Over the years Boxing Day has become synonymous with carrying on the Christmas feast, slobbing out on the sofa watching movies or going on a country walk.  

Nowhere in the bible is there a mention of Boxing Day which makes the holiday, celebrated the day after Christmas, all the more curious - just why do we celebrate it? 

Here are some answers to the most common boxing day questions: 

Why is it called boxing day? 

The name is derived from an age-old tradition of rich masters giving their servants Christmas boxes which they could share with their families on December 26, after all the formal festivities. 

When did we start celebrating Boxing Day?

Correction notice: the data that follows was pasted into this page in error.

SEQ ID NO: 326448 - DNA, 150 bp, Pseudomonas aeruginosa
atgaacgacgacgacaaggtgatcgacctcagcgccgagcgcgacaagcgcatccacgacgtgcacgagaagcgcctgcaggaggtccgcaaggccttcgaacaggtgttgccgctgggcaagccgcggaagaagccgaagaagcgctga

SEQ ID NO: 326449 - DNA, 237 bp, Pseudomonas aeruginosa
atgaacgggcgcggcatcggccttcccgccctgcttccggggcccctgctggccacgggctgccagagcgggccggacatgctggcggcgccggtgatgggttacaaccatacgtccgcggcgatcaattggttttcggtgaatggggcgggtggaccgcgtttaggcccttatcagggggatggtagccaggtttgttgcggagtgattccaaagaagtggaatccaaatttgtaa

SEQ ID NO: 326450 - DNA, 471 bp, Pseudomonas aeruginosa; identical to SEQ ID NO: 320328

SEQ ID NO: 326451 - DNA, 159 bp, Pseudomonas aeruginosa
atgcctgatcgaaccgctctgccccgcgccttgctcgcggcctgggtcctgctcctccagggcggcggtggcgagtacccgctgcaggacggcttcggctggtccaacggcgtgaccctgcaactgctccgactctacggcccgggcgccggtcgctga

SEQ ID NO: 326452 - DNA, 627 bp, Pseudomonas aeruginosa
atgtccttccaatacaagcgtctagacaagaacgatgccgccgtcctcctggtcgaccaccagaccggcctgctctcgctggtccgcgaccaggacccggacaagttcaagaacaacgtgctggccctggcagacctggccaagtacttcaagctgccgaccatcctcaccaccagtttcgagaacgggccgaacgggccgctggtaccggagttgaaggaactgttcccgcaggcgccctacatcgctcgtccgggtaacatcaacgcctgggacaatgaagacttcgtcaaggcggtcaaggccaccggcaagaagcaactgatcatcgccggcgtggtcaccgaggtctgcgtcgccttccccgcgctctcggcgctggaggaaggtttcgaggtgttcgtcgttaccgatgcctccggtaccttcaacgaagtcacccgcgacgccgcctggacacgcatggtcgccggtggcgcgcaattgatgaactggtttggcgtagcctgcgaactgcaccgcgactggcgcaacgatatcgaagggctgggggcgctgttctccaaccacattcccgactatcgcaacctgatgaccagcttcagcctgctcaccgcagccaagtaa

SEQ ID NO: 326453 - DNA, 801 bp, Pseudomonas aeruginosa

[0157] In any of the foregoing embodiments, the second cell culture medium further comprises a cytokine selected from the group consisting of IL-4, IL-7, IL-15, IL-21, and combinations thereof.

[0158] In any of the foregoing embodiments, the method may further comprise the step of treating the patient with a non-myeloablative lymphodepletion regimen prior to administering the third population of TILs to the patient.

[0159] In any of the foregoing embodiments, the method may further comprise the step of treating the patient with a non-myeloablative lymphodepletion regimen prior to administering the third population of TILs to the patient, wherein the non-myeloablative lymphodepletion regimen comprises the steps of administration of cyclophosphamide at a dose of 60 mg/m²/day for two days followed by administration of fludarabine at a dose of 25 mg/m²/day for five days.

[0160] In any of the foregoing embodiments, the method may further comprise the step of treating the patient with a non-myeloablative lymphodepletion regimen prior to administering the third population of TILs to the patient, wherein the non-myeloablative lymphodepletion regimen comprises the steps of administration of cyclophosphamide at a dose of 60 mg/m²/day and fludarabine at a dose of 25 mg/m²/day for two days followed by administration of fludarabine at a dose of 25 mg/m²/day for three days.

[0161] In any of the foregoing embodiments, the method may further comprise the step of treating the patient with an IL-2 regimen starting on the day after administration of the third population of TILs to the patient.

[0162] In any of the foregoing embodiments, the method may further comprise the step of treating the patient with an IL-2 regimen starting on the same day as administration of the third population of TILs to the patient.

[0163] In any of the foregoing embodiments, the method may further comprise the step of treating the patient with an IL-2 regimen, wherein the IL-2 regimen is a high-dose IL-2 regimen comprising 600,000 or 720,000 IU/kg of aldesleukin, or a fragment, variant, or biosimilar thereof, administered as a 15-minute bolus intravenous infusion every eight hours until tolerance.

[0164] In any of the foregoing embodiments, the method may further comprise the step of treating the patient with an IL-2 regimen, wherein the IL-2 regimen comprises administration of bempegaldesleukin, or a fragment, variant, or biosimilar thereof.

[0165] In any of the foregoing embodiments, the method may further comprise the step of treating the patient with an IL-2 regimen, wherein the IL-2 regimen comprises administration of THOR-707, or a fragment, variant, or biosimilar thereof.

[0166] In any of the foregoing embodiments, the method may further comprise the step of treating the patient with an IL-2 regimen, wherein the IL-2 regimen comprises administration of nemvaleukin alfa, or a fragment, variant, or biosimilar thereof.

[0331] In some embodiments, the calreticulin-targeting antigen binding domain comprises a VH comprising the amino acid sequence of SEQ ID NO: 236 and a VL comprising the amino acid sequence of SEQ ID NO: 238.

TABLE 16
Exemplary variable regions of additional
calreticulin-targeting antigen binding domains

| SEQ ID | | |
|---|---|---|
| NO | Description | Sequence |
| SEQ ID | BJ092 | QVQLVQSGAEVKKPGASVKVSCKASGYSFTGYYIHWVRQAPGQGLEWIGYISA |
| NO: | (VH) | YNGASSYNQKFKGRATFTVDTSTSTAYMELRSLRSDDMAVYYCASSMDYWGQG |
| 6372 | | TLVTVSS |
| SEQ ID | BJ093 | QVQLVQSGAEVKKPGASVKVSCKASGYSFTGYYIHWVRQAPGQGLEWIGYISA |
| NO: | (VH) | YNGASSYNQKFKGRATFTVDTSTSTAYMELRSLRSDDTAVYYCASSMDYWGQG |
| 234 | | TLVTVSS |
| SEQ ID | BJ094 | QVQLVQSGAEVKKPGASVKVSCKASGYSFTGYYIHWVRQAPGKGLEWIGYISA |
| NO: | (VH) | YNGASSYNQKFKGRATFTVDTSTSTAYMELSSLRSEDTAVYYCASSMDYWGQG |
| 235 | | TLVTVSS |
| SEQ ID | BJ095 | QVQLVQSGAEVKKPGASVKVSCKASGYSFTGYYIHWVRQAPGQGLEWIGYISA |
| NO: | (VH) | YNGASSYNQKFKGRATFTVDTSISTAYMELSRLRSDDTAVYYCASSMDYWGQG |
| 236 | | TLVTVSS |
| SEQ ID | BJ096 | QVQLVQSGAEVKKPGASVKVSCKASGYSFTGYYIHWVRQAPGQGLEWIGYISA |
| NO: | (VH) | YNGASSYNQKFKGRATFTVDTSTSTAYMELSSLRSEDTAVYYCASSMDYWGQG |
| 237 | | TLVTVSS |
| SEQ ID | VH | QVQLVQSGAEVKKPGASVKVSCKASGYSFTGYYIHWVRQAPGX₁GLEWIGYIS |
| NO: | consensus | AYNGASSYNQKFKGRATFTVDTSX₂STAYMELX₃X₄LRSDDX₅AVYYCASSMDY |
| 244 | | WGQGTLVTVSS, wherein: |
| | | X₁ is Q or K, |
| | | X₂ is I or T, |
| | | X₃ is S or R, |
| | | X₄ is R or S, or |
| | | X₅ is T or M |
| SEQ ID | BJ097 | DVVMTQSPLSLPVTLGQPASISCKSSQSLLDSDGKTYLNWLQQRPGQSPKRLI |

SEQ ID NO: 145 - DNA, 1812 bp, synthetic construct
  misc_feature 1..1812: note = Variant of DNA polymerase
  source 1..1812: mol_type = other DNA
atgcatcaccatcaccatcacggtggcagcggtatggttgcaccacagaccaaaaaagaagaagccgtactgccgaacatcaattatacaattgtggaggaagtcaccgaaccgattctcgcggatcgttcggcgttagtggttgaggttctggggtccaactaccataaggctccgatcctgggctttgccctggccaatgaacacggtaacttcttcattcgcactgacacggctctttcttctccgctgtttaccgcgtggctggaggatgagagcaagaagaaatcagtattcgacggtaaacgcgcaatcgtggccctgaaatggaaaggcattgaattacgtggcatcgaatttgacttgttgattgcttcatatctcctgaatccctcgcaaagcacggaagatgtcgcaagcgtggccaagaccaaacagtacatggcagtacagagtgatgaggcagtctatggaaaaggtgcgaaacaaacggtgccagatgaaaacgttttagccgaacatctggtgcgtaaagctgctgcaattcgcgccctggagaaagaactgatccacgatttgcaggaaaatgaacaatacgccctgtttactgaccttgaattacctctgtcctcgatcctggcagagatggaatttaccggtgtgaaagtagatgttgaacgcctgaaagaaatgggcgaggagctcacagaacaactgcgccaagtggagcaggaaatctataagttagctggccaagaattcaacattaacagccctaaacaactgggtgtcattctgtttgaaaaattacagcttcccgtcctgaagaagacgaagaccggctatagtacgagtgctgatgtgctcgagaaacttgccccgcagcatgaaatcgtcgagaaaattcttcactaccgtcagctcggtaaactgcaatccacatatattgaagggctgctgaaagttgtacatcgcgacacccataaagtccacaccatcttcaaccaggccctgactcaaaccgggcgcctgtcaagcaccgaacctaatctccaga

There are an array of different answers to this question, but the most commonly believed is that the tradition started in the Middle Ages.

Parishioners collected money for the poor in alms boxes, and these were opened on the day after Christmas in honour of St Stephen, the first Christian martyr, whose feast day falls on December 26.

When did Boxing Day become a national holiday?

The Victorians were the first people to really start creating designated public holidays.

The Oxford English Dictionary dates the term to the 1830s. Neale clearly recognised the association of the day in the public mind with charity, and in 1871 St Stephen's Day was designated a bank holiday.

Do other countries celebrate Boxing Day?

Only a few countries celebrate Boxing Day which falls on December 26.

Mainly countries that have historical links to the UK celebrate the day such as Canada, Hong Kong, New Zealand, South Africa, Australia and a few European countries.